Sources of information we use when reasoning about the causes of our behaviour
We do not commonly think about the causes of our behaviour in everyday life except when we have a relevant reason. Our interest in causes of our behaviour may be raised by researcher’s (or a therapist’s) question or by the situation when the motive of our action is critical, for example, for feelings of achievement or for evaluating our behaviour as moral. Attributed causes of our behaviour may not be the same as its real causes. We never know all the influences upon our behaviour. The process of reasoning about causes is an interpretative one and is affected not only by accessible information but also by the type of question asked, our education, defence mechanisms, our way of reasoning, etc. We often reason about these causes retrospectively and our reasoning is thus affected by memory deficiencies and by the way we choose which memories to deal with. Reasoning about causes is usually not a time-consuming rational process, when we consider all available information. We typically employ quicker and more effective heuristics, which is optimal because of the lack of time and cognitive processing resources available. Some information about the causes of our action is accessible to us only through introspection. Other information is possessed by other people, e.g. shared causal theories. We tend to overestimate introspective information because of its “authenticity”. Even though we may not know the crucial influences on our behaviour, this may not prevent us from being able to report on the causes and from being convinced that we know the actual causes. So it seems that it is not fundamental whether we become aware of the causal stimulus or not, but whether we believe that this stimulus influenced us.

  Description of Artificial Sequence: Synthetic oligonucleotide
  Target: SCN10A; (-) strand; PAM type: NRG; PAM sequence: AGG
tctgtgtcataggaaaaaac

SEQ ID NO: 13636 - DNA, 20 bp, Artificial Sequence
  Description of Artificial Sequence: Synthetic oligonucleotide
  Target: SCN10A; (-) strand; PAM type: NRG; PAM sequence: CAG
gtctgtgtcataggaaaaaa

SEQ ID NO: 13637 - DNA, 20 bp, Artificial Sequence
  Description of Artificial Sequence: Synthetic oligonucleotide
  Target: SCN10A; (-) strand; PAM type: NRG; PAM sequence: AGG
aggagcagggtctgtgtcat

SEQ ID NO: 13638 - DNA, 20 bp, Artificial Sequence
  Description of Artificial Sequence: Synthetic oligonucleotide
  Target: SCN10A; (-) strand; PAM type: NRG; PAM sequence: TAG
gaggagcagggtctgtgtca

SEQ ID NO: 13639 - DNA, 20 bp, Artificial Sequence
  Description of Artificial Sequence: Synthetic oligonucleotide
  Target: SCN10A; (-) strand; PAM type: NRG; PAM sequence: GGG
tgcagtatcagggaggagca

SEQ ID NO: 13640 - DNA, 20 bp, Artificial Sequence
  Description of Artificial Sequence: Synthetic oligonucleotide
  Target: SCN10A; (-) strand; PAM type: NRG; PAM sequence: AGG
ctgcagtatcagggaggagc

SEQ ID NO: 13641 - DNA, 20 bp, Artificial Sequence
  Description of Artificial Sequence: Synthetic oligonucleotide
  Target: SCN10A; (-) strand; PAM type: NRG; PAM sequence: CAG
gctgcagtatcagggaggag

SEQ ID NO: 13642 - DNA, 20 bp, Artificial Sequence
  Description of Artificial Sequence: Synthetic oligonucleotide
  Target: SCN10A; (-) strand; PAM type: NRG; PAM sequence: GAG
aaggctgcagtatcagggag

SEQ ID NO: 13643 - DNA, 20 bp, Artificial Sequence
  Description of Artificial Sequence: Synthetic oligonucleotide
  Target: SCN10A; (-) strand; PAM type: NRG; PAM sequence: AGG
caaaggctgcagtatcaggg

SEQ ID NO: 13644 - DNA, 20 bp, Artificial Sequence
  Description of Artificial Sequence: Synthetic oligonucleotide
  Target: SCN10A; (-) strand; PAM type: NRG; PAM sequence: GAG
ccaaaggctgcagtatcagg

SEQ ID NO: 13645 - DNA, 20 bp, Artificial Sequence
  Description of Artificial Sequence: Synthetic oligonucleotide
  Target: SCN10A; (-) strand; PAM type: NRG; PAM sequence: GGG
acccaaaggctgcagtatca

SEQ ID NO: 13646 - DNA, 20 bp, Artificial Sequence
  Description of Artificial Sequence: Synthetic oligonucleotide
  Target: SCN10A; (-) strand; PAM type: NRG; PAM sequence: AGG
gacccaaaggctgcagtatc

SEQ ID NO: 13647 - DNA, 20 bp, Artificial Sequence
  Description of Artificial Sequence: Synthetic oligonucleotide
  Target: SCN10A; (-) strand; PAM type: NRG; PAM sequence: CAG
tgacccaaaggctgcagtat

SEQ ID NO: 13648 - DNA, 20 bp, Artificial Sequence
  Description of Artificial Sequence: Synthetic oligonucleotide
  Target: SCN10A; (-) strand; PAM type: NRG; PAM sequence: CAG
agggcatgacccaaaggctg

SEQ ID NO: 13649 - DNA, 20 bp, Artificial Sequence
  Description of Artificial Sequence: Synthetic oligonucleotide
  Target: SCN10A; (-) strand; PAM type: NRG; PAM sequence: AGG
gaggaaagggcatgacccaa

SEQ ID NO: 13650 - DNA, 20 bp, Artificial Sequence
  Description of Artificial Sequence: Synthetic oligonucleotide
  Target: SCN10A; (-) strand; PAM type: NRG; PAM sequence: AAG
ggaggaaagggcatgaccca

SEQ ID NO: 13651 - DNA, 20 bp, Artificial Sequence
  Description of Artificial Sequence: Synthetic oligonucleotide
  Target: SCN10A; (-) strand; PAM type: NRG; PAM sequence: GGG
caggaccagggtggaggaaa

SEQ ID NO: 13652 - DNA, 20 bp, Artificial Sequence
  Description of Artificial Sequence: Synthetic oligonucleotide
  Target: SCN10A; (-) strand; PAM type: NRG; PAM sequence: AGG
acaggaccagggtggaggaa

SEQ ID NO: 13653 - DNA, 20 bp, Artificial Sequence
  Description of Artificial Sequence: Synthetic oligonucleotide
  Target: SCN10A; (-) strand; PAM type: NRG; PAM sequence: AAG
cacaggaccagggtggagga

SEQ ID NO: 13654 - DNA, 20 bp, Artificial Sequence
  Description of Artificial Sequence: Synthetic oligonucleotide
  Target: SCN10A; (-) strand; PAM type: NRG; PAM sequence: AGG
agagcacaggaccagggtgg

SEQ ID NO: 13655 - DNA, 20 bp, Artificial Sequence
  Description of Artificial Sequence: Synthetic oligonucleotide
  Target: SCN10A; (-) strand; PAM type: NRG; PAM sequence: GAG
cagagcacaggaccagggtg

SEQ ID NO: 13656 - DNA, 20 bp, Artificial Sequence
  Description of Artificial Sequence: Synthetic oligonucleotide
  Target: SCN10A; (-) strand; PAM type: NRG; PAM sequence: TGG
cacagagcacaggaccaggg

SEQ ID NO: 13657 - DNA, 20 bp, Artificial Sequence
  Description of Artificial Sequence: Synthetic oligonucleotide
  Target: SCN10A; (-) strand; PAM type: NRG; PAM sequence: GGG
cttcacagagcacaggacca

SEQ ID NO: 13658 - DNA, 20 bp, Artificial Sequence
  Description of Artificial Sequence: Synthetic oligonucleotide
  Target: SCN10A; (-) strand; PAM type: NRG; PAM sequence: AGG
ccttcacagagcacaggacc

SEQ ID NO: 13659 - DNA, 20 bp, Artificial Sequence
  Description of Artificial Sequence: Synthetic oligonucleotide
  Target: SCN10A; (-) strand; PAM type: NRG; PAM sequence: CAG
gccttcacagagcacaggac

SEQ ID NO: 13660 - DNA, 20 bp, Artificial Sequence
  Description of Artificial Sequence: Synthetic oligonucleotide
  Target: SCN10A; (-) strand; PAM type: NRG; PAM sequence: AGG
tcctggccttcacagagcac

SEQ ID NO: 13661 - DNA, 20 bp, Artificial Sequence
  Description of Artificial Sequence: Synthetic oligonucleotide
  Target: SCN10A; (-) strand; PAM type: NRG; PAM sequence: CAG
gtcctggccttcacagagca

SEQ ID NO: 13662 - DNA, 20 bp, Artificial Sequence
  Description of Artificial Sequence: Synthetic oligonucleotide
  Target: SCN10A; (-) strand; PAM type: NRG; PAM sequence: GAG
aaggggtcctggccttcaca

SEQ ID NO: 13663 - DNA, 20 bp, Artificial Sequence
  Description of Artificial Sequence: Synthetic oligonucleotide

(Fulltext in Czech)
Keywordscause of behaviour, causal reasoning, consciousness, controlled and automatic behaviour
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